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THE VIRGINIAN PARTRIDGE.
perdix virginiana, Lath.
PLATE LXXVI. Male, Female, and Young.
The common name given to this bird in the Eastern and Middle Districts of our Union is that of Quail, but in the Western and Southern States, the more appropriate appellation of Partridge is bestowed upon it. It is abundantly met with in all parts of the United States, but more especially towards the interior. In the States of Ohio and Kentucky, where they are very abundant, they are to be seen in the markets, both dead and alive, in large quantities.
This species performs occasional migrations from the north-west to the south-east, usually in the beginning of October, and somewhat in the manner of the Wild Turkey. For a few weeks at this season, the northwestern shores of the Ohio are covered with flocks of Partridges. They ramble through the woods along the margin of the stream, and generally fly across towards evening. Like the Turkeys, many of the weaker Partridges often fall into the water, while thus attempting to cross, and generally perish; for although they swim surprisingly, they have not muscular power sufficient to keep up a protracted struggle, although, when they have fallen within a few yards of the shore, they easily escape being drowned. I have been told by a friend that a person residing in Philadelphia had a hearty laugh on hearing that I had described the Wild Turkey as swimming for some distance, when it had accidentally fallen into the water. But be assured, kind reader, almost every species of land-bird is capable of swimming on such occasions, and you may easily satisfy yourself as to the accuracy of my statement by throwing a Turkey, a Common Fowl, or any other bird into the water. As soon as the Partridges have crossed the principal streams in their way, they disperse in flocks over the country, and return to their ordinary mode of life.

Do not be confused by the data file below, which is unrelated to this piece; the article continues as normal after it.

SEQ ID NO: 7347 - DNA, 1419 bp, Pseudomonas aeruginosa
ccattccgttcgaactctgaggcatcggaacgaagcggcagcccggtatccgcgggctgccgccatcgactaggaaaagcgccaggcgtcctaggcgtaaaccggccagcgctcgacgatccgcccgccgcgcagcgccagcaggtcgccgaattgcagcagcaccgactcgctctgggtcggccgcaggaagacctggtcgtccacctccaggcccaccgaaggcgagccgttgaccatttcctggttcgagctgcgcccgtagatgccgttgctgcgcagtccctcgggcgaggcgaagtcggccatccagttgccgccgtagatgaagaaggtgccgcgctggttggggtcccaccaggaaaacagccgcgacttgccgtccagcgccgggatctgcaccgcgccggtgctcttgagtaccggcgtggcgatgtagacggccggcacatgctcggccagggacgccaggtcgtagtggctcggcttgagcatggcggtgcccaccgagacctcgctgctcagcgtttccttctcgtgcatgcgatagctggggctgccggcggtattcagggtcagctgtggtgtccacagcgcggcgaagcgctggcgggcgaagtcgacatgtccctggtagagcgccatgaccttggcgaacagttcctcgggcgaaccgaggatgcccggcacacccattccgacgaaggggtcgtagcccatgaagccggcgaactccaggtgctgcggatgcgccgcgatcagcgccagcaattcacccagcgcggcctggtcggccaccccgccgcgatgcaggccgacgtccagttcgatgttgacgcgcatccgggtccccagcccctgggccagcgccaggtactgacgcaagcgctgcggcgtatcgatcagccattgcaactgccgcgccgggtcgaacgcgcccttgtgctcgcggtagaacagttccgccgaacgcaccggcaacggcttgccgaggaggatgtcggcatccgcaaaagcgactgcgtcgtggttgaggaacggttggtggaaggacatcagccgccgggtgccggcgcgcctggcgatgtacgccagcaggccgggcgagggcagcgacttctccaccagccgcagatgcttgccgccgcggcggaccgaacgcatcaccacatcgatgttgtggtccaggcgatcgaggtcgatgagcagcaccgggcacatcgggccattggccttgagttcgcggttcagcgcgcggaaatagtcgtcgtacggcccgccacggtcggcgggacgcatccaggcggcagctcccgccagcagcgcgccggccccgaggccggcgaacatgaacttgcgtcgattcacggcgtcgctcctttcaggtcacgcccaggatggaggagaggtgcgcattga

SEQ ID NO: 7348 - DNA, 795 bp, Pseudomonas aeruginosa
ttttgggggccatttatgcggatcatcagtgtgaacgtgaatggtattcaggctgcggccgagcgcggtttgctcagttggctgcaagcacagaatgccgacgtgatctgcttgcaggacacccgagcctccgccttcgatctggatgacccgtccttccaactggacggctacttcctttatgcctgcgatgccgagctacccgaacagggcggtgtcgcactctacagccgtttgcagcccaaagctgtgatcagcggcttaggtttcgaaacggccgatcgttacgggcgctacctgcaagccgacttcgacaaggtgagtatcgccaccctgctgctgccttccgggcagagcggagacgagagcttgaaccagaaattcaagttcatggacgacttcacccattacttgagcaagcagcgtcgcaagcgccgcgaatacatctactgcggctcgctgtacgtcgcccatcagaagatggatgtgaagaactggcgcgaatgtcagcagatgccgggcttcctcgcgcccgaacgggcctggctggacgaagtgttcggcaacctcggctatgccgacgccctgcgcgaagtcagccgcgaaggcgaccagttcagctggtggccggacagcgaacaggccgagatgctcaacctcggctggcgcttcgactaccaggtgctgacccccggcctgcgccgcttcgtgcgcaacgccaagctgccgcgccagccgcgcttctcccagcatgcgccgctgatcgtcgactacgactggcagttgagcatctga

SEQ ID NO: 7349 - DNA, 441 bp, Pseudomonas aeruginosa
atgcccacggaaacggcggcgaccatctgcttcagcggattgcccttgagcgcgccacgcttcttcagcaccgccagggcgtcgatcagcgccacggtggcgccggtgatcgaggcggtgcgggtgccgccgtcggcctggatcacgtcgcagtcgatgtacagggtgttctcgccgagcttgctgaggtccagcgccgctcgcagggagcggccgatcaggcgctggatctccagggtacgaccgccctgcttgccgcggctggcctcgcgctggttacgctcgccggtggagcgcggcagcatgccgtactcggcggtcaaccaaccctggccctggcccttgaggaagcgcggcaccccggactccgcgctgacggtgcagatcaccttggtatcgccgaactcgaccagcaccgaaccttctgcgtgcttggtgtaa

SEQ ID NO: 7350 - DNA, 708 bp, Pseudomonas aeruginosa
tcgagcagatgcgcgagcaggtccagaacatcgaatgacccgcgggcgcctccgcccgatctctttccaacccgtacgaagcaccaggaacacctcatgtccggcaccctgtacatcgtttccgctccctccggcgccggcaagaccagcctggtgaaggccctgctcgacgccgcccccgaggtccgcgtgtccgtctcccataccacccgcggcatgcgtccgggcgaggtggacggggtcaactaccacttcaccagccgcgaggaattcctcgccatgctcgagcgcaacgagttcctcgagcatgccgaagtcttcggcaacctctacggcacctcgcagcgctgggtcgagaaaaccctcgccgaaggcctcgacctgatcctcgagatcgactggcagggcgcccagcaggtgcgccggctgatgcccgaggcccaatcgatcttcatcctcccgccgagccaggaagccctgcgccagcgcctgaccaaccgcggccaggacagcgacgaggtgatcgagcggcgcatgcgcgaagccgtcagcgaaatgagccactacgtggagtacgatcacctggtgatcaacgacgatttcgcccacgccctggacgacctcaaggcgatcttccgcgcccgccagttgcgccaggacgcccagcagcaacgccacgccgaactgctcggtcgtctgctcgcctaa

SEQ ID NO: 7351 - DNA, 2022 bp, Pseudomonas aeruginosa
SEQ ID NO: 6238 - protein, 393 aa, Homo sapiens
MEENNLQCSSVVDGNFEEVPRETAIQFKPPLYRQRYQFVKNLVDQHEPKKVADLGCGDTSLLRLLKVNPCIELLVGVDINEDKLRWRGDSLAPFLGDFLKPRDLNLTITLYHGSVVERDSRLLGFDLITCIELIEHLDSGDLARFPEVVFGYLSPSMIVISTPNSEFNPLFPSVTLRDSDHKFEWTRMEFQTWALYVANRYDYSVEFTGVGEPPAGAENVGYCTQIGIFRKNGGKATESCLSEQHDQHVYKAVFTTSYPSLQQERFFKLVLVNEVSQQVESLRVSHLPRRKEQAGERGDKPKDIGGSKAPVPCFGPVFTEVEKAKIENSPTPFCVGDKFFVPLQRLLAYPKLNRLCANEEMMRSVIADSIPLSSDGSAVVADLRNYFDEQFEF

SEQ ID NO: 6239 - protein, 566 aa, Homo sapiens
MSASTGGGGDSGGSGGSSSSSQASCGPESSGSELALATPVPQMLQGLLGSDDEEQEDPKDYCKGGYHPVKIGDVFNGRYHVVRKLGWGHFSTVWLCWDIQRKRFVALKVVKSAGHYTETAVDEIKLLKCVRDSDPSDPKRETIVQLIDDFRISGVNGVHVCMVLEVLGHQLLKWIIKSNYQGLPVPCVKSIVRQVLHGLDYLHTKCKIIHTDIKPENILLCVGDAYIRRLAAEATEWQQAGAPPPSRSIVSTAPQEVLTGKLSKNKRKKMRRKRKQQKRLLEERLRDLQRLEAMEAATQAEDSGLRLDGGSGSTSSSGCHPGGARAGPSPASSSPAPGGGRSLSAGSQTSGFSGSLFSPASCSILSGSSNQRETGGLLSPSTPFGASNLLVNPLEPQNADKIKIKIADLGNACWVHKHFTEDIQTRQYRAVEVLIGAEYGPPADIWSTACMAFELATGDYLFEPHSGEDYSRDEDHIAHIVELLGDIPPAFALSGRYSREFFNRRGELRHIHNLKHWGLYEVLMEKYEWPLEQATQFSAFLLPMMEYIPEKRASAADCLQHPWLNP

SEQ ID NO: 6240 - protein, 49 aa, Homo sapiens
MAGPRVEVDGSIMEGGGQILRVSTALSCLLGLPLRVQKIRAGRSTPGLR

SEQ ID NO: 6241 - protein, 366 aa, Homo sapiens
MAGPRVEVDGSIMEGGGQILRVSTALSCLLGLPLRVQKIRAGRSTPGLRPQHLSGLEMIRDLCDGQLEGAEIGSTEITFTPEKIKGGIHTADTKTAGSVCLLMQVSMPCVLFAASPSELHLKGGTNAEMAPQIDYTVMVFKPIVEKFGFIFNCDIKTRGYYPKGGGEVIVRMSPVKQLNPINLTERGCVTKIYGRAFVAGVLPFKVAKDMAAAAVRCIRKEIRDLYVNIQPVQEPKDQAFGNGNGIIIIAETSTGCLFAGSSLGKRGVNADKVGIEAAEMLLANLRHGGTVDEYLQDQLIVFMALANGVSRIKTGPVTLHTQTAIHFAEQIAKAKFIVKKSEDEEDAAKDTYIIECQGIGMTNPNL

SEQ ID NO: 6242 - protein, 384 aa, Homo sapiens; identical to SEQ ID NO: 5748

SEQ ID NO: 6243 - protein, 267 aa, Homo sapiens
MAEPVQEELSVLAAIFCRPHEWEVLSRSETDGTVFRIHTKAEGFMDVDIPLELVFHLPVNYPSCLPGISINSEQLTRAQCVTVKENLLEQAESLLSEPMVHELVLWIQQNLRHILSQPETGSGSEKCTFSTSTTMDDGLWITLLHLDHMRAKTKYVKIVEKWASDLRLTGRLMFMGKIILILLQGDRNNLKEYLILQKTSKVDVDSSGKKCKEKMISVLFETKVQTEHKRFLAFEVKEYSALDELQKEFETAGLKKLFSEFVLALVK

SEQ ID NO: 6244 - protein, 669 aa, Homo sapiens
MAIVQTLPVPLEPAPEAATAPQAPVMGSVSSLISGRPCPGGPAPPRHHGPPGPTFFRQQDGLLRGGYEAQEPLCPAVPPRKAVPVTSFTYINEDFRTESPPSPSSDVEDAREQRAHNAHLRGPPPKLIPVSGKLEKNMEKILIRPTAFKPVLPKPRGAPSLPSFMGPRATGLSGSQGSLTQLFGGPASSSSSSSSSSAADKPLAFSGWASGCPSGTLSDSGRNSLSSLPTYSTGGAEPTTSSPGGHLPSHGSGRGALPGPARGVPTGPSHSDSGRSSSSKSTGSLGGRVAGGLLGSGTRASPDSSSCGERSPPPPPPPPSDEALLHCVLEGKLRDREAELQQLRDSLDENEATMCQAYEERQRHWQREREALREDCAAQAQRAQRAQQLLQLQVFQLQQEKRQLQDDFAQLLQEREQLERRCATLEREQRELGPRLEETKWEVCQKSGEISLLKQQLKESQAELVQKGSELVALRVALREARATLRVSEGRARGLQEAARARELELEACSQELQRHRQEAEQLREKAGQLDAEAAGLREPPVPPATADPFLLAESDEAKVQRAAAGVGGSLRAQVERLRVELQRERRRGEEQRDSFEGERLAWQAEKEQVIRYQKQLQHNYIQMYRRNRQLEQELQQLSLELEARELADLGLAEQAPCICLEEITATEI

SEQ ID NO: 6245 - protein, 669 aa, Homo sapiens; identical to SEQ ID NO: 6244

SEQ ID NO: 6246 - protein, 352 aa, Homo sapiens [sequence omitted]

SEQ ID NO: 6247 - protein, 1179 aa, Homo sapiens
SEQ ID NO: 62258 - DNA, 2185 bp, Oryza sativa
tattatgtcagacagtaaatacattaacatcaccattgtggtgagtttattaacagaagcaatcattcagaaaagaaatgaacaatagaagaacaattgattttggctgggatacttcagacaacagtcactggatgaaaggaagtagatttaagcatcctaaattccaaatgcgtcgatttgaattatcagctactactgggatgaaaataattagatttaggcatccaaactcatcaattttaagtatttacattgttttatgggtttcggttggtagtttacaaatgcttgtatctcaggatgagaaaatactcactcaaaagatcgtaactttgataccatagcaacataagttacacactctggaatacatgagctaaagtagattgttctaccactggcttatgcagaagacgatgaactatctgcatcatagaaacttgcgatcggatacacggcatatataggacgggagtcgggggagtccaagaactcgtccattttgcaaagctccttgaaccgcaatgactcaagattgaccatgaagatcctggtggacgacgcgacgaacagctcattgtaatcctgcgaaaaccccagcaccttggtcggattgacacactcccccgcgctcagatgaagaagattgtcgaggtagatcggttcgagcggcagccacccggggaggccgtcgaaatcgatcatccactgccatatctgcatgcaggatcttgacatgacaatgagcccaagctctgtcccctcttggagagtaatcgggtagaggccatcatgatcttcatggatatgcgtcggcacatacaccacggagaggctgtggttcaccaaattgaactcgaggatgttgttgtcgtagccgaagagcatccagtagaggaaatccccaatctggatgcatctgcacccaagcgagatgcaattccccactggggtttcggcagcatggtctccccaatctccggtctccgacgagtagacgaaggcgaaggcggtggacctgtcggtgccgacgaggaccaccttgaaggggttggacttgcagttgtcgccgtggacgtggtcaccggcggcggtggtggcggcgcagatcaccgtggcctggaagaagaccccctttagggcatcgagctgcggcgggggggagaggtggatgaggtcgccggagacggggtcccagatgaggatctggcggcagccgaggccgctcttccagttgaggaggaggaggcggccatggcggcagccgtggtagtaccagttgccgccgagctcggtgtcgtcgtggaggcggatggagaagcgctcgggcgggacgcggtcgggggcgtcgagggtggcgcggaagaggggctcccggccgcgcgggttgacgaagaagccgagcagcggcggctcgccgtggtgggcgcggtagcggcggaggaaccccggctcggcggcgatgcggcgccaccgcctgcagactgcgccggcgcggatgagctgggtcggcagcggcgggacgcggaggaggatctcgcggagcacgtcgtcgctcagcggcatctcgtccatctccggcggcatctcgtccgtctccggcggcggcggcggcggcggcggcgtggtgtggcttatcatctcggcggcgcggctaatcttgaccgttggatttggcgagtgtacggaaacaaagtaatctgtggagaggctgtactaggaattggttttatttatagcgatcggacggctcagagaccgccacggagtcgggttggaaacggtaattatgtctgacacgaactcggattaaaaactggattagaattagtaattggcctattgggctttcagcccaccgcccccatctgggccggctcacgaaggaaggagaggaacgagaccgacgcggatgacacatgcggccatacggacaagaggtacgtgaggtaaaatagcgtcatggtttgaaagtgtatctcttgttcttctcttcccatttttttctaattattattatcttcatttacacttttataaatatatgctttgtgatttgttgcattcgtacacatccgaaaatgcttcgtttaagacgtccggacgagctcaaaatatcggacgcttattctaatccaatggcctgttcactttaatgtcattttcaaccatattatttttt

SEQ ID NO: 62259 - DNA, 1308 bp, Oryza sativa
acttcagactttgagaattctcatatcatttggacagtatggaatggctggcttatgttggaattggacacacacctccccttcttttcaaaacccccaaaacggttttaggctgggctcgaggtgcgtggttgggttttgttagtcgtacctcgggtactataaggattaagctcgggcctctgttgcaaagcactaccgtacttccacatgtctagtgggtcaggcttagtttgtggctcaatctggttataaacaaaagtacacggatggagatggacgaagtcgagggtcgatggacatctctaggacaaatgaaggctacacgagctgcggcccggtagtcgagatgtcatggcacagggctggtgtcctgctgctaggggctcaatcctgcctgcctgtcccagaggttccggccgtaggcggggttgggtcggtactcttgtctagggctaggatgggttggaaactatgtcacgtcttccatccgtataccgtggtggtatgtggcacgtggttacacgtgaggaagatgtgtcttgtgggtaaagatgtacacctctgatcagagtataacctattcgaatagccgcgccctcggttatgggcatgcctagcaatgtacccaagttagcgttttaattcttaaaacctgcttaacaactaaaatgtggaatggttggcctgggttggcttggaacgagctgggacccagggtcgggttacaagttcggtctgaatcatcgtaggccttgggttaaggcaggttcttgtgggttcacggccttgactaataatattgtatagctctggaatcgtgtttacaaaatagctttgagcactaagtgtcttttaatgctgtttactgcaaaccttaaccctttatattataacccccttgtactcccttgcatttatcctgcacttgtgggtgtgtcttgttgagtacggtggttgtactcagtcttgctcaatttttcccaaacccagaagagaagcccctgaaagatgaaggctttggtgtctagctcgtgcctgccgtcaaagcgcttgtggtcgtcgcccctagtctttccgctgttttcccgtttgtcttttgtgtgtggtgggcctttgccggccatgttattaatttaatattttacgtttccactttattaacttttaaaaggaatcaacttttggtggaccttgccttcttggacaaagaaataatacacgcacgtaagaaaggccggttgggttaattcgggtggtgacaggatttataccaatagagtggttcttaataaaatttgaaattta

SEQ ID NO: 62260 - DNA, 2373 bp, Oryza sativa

The flight of these birds is generally performed at a short distance from the ground. It is rapid, and is continued by numerous quick flaps of the wings for a certain distance, after which the bird sails until about to alight, when again it flaps its wings to break its descent. When chased by dogs, or started by any other enemy, they fly to the middle branches